Outlook stands for something more than this Week’s news or what India is doing Today. But its 18th anniversary special—“Are today’s 18-year-olds engaged in what’s happening in the country?”—left me baffled. The introductory paragraph went like: “As part of the Outlook’s 18th anniversary special, a round-table was organised in Mumbai to discuss India’s GenNext, what their aspirations are and what the way forward for them is in India. Participants included....” When you start a story that way and follow it up by saying that “...a round-table was organised in Mumbai to discuss India’s GenNext”, you have already raised the bar high. You invite a bunch of people which include: A. Just four individuals; B. 75% of that sample from a city which can’t be more far removed from India, Mumbai that is; C. 50% from the same neighbourhood, let alone the city; D. 50% with careers of their parents’ choice.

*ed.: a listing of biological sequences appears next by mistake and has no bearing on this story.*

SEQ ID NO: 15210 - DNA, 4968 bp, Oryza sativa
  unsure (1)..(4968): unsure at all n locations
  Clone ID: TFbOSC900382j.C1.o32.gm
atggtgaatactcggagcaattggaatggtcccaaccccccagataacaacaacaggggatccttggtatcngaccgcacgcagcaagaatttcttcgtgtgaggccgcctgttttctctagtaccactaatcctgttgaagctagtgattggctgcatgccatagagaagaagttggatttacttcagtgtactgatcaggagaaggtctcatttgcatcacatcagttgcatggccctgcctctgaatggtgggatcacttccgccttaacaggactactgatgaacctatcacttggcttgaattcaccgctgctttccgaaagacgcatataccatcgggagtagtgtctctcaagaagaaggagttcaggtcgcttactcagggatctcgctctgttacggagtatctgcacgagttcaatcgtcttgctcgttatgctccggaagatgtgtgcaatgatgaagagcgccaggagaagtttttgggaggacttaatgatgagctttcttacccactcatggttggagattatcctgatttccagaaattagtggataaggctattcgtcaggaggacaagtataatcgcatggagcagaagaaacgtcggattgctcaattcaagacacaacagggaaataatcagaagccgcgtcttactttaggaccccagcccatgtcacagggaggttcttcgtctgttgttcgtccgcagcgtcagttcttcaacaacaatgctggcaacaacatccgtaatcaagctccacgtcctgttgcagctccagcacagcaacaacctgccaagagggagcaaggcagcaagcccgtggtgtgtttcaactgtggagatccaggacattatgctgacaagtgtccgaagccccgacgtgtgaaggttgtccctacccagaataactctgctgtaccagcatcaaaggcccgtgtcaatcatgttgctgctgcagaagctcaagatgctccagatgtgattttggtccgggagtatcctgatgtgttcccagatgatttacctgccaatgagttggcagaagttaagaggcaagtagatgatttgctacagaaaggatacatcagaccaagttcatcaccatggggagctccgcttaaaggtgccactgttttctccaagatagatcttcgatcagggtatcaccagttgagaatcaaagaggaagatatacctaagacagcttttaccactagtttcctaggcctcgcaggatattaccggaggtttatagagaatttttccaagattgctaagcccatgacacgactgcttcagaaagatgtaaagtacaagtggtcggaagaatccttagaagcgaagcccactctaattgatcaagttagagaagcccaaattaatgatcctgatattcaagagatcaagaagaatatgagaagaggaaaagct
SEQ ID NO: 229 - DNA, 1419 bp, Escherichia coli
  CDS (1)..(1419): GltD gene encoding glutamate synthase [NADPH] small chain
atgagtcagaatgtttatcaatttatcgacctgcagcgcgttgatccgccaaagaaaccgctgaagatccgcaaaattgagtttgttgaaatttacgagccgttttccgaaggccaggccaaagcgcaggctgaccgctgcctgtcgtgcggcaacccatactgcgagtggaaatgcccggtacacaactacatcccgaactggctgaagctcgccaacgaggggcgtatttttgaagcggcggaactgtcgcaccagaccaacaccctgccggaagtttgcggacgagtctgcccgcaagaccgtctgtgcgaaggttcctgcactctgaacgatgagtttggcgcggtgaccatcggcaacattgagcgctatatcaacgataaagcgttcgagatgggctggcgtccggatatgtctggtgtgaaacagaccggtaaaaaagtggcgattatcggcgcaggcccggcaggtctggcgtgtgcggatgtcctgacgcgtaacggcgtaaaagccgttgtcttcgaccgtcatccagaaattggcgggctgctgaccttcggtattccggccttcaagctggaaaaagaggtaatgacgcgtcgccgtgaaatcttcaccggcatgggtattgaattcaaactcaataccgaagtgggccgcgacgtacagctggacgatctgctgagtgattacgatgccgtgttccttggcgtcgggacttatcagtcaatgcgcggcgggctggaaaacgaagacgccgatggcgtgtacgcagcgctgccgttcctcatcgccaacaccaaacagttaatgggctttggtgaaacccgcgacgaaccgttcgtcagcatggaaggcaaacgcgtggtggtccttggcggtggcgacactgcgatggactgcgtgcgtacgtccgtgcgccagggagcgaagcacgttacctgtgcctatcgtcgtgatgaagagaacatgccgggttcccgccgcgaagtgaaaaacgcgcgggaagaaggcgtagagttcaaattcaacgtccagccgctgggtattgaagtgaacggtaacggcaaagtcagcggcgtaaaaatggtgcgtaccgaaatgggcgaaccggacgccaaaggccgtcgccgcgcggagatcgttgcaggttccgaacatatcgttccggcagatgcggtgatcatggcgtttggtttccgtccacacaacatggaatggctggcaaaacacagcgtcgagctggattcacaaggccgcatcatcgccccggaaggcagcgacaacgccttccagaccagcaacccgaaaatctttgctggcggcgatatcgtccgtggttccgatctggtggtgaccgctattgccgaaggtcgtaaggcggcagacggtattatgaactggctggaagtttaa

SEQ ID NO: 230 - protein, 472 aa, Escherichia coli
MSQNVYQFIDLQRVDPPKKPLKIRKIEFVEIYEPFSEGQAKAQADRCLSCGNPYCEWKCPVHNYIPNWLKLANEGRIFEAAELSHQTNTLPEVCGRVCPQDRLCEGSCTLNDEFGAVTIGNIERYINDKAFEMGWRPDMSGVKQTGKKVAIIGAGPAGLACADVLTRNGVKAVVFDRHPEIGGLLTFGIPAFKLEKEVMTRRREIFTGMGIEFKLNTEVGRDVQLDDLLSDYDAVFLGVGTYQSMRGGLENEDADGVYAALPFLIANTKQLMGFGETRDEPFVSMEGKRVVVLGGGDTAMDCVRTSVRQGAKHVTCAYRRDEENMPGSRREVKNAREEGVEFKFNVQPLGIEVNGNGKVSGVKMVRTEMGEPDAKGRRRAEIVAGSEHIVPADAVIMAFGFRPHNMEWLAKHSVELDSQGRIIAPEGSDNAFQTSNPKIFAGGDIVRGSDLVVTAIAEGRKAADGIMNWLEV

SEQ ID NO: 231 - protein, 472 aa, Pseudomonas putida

Whoever initiated this roundtable discussion has some tough questions to answer. Recently, I picked up Outlook’s anniversary special this year on mobile phones. And now I’m interested only in the picture of beautiful shining girls on the cover, not any insightful story. My outlook towards Outlook’s anniversary issues has altered.
(Arunabh Kumar, founder, The Viral Fever Group, is the man behind Qtiyapa)
Outlook invites readers to take part in its 20th anniversary celebrations. Send us your bouquets and, more importantly, your brickbats. E-mail your entry to editor [AT] outlookindia [DOT] com